I come across the rough spots when I begin to doubt my ability to accomplish anything while I’m here. Take last Friday – a project prioritization workshop which I had carefully planned was cancelled for the second time.

In both cases, the cancellations came about because of sudden deaths in our small town. As senior council officials, my workshop attendees had to drop everything to sit with the bereaved families because of tradition and social obligation.

If it’s not a death, then it’s something else that causes a break in my work plan – somebody has malaria, there is no money for fuel, there is no electricity and so on. In the meantime, the clock is ticking and I don’t want to find myself at the end of this assignment without having anything to show for it.

Throwing a fit is a tempting option. I could make a big thing out of time being wasted and people not taking the work seriously.

And then again (several deep breaths later ), maybe not.

After some thought – this is what I have: What to me are inconveniences and annoying disruptions are just part of daily life here in this remote rural town of Zambia. These conditions were here before I arrived and will still be here after I’m long gone.

In a country with one of the highest mortality rates in the world and where the extended family is the main support system, it’s not unusual for a co-worker to have to attend four funerals in a day. In an environment of unstable cash flows, It is my co-workers who take a bigger brunt of the lack of resources – they can go on for months without being paid. In a district where the number one cause of death its malaria and there are rumors of another outbreak, It’s not irresponsible for somebody to take time off from work to make sure that he or she is tested and treated properly .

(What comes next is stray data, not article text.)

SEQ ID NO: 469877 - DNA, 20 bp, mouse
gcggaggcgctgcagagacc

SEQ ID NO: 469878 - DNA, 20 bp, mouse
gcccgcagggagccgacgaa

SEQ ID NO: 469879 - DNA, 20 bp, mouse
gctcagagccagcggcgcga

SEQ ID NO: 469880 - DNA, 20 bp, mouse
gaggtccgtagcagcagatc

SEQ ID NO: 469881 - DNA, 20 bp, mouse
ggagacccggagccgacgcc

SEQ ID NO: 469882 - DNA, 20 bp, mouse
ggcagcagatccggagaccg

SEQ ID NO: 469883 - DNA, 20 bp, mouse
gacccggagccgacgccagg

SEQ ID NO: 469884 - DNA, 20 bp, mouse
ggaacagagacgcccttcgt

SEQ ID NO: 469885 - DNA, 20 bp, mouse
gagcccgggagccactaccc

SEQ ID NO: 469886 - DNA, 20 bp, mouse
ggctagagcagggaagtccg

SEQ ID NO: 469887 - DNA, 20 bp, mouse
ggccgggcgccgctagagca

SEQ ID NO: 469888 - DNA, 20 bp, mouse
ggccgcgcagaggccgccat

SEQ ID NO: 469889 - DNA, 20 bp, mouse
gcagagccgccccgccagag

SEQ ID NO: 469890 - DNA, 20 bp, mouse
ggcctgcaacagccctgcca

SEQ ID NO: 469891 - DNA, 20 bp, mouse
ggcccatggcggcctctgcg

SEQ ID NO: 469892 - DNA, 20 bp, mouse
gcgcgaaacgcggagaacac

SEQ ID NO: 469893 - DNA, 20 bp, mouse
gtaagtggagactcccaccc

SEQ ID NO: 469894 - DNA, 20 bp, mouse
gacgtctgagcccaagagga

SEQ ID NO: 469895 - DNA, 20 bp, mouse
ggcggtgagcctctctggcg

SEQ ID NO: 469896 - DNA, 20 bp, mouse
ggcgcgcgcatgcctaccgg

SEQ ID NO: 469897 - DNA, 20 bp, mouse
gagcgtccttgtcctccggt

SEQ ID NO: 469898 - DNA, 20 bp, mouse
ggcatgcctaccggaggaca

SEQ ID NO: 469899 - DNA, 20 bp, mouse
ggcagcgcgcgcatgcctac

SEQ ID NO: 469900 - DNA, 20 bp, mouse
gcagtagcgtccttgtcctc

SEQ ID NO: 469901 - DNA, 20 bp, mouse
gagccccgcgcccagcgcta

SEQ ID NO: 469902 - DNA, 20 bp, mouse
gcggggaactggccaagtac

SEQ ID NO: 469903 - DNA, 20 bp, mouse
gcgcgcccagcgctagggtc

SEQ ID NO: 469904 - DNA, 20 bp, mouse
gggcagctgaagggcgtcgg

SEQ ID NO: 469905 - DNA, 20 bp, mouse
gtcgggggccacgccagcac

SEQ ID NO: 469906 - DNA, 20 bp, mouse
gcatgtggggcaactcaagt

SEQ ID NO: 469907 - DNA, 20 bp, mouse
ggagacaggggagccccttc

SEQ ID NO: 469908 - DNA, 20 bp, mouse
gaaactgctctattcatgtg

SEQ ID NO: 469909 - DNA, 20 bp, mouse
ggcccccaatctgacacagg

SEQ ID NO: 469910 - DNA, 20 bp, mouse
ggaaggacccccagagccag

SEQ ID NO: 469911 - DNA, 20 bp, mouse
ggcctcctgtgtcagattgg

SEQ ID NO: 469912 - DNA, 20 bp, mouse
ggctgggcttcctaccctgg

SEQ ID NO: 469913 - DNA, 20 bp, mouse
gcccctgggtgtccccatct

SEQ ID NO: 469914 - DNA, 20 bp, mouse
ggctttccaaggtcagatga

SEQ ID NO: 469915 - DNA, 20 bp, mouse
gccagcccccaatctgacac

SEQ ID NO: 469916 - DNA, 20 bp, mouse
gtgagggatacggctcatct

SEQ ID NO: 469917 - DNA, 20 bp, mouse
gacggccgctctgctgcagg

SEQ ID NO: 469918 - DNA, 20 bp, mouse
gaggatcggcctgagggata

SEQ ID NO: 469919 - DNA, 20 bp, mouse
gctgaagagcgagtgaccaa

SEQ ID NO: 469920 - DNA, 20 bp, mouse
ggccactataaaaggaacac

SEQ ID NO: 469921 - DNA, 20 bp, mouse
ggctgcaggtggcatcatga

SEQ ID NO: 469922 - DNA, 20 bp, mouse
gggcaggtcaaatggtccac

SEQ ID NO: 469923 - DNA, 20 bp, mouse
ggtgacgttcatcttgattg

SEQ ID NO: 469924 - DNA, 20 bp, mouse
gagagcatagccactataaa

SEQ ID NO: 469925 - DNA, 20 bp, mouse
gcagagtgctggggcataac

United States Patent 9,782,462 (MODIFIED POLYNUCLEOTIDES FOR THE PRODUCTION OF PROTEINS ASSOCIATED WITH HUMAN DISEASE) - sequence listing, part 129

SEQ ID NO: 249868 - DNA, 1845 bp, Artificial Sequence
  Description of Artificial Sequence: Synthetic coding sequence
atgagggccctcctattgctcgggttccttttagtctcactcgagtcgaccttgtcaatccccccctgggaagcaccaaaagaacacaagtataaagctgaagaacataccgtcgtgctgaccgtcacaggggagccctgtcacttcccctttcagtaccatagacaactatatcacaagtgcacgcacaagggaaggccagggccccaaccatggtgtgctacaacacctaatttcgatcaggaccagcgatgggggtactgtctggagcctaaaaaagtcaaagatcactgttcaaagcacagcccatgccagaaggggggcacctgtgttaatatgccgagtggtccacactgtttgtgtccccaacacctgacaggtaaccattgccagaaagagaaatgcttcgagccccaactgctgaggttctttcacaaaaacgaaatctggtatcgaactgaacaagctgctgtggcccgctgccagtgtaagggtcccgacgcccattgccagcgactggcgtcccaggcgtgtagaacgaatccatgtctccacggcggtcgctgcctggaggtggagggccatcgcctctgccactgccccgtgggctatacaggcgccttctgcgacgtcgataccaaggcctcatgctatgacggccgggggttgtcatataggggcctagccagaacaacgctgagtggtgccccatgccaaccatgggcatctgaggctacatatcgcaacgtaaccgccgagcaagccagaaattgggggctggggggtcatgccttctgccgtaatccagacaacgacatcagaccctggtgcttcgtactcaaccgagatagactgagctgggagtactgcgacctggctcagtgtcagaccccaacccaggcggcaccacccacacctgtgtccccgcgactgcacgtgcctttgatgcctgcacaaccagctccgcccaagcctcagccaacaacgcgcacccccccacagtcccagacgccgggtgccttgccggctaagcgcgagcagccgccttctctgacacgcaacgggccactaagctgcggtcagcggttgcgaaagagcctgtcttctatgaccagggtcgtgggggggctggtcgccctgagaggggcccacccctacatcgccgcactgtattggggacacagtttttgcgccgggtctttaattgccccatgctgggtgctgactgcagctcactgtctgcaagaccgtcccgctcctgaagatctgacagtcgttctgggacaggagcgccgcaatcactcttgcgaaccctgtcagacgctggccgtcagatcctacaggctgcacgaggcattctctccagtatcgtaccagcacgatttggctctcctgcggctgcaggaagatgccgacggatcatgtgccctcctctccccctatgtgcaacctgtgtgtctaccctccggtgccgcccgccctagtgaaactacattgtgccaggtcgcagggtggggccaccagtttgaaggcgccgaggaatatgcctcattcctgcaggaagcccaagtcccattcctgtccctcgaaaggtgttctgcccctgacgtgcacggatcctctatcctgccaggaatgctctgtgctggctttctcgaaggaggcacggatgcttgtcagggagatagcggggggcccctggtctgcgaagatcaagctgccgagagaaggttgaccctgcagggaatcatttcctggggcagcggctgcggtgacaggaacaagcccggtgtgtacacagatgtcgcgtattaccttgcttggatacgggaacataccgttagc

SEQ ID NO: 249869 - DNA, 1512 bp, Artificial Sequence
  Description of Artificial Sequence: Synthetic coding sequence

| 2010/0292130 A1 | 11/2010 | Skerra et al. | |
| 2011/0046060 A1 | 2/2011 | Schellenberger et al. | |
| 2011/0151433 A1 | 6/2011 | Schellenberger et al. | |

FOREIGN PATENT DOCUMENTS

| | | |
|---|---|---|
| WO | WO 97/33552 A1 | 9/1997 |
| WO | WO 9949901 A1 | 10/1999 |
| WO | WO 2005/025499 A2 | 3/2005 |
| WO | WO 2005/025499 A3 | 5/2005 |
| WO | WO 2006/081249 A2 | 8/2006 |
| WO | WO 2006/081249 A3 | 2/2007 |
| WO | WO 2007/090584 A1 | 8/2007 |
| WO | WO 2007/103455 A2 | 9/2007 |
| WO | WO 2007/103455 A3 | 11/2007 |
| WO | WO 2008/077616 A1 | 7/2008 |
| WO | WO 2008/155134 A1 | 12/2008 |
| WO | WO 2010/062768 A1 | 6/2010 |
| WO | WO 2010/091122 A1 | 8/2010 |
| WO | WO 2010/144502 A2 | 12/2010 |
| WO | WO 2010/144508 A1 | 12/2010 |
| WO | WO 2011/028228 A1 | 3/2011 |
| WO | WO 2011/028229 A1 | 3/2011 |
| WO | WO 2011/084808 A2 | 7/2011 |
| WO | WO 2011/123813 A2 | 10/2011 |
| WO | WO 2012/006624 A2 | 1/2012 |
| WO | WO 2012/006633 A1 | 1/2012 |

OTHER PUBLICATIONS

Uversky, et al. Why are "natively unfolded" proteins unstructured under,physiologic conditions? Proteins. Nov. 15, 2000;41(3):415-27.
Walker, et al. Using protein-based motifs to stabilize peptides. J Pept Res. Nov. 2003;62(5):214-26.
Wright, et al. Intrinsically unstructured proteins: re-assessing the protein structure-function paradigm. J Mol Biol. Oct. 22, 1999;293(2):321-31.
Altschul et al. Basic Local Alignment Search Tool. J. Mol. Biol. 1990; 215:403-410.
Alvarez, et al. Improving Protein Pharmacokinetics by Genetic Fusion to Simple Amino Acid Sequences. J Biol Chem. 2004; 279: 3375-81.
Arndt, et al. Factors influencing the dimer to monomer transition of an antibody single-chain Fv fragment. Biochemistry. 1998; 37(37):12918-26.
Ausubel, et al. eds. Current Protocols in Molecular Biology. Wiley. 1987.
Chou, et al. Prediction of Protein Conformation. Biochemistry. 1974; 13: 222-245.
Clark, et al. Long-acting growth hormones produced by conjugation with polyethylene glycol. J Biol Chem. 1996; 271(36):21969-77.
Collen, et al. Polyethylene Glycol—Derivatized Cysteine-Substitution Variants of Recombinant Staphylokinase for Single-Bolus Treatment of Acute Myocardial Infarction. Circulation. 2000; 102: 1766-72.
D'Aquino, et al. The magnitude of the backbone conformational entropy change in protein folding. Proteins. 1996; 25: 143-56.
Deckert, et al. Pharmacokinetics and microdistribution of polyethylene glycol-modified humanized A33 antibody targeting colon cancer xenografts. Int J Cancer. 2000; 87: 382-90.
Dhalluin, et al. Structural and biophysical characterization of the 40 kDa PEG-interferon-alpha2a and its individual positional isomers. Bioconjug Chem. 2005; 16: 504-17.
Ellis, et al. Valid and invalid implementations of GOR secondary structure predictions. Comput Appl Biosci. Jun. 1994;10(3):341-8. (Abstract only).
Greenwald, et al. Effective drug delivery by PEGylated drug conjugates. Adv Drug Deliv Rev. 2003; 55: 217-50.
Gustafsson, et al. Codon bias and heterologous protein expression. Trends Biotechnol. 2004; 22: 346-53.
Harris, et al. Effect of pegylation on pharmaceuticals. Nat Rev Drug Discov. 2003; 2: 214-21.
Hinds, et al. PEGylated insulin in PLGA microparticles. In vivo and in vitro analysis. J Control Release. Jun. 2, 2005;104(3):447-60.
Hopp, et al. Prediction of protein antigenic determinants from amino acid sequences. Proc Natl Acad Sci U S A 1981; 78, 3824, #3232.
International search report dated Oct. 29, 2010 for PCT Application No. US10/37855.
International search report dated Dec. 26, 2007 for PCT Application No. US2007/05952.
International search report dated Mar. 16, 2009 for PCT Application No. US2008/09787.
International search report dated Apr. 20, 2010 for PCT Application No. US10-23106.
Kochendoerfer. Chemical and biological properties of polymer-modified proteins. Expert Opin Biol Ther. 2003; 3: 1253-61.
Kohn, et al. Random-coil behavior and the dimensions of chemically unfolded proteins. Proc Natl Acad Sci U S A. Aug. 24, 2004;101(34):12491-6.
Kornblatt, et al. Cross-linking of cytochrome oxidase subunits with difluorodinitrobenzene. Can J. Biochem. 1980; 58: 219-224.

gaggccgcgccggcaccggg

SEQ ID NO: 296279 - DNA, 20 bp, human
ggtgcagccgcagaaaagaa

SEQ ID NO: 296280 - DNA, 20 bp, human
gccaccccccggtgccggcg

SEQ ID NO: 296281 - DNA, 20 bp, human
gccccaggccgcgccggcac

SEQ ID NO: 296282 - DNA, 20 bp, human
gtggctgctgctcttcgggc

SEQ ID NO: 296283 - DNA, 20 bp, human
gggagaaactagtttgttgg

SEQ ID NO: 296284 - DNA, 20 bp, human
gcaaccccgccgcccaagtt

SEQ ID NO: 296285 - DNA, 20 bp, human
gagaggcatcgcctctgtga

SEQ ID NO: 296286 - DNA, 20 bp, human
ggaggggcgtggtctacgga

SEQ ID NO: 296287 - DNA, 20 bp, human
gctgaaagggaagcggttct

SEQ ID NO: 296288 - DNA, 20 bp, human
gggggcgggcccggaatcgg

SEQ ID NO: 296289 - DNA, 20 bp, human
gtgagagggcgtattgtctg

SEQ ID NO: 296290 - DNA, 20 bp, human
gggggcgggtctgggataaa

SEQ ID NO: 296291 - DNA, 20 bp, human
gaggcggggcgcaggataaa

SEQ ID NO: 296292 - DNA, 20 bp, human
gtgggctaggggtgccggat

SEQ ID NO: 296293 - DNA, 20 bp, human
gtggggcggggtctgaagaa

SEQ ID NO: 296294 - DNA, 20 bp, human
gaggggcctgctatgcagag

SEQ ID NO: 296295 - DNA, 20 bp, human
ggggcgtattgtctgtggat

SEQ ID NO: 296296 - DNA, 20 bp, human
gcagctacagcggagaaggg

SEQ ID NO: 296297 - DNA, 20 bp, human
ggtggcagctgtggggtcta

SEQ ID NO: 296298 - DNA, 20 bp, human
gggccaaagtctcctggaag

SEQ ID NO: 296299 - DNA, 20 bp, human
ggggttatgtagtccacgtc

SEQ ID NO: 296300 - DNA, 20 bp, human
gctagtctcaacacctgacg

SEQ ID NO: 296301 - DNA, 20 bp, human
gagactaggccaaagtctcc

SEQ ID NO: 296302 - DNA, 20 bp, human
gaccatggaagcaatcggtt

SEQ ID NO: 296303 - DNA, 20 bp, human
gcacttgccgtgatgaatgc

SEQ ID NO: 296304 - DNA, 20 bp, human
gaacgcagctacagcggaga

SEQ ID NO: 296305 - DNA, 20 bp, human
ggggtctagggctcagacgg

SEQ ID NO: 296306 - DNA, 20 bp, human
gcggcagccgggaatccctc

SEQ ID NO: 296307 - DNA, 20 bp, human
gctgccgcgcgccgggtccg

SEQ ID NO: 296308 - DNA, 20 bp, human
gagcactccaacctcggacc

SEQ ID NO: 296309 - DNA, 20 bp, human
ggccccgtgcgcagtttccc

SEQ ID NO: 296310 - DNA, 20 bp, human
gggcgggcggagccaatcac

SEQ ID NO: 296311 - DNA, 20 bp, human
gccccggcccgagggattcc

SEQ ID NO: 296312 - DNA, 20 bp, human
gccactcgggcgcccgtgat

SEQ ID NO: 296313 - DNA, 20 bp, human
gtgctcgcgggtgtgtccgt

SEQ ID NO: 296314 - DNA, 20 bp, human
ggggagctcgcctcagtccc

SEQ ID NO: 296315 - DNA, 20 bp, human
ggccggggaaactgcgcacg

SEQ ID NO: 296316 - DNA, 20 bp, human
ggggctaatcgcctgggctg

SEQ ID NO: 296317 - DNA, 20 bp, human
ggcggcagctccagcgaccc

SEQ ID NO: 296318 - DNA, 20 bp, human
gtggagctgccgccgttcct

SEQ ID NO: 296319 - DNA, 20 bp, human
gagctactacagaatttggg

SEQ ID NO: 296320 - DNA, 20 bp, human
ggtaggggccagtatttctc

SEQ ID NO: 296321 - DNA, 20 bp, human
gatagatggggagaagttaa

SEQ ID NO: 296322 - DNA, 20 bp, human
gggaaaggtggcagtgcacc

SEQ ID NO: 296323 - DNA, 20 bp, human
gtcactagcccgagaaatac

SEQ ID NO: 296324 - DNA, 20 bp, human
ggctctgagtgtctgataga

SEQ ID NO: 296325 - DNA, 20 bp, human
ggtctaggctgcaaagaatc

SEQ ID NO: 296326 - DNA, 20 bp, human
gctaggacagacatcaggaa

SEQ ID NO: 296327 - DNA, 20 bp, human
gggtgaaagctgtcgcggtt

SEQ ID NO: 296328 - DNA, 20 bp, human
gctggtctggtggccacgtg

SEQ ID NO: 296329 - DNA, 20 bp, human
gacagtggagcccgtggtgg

So, who am I to complain about unused presentation materials? And what are my timelines and work-plans but merely means to an end – not the goals by themselves? If they can’t serve the needs of the people then they have to be modified accordingly. I will Zen this out, I will reschedule the workshop and make use of the additional time to improve my hand-outs. In the meantime, I will see where else I can help.

Sometimes I surprise myself with how mature and rational I can be (a bit of irony there, in case you didn’t get it. Ugh, now I’m patronizing you. Sorry. Going on…)

The district council where I work has as its mandate the provision of basic social services to a population of about 200,000 people. My visual for the resident who needs the council’s help the most is this unsmiling little girl I see sometimes on my morning walk to work . She must be – oh, maybe 10 or 11. She has a baby slung on her back and a hoe in her hands as she tends the small field in front of her family’s mud-house. I ask myself – Why isn’t she in school? Why does she look so sad? Where are her parents? Does she and the baby get medical attention? Are they AIDS orphans?

In spite of its gargantuan responsibilities, the council does its work with very limited resources. Its’ annual budget for its social programs is about equal to the sales target of a junior IT sales executive in the Philippines

My main task for the time I’m here is to identify alternative sources of funding and introduce a system and structure in place to make sure that when the funds do come, they are utilized properly. That means literally anything. So, my typical day can be spent meeting with our program beneficiaries, running computer tutorials, communicating with potential donors , running capacity-building workshops or riding on a truck distributing flyers for the hygienic use of toilets.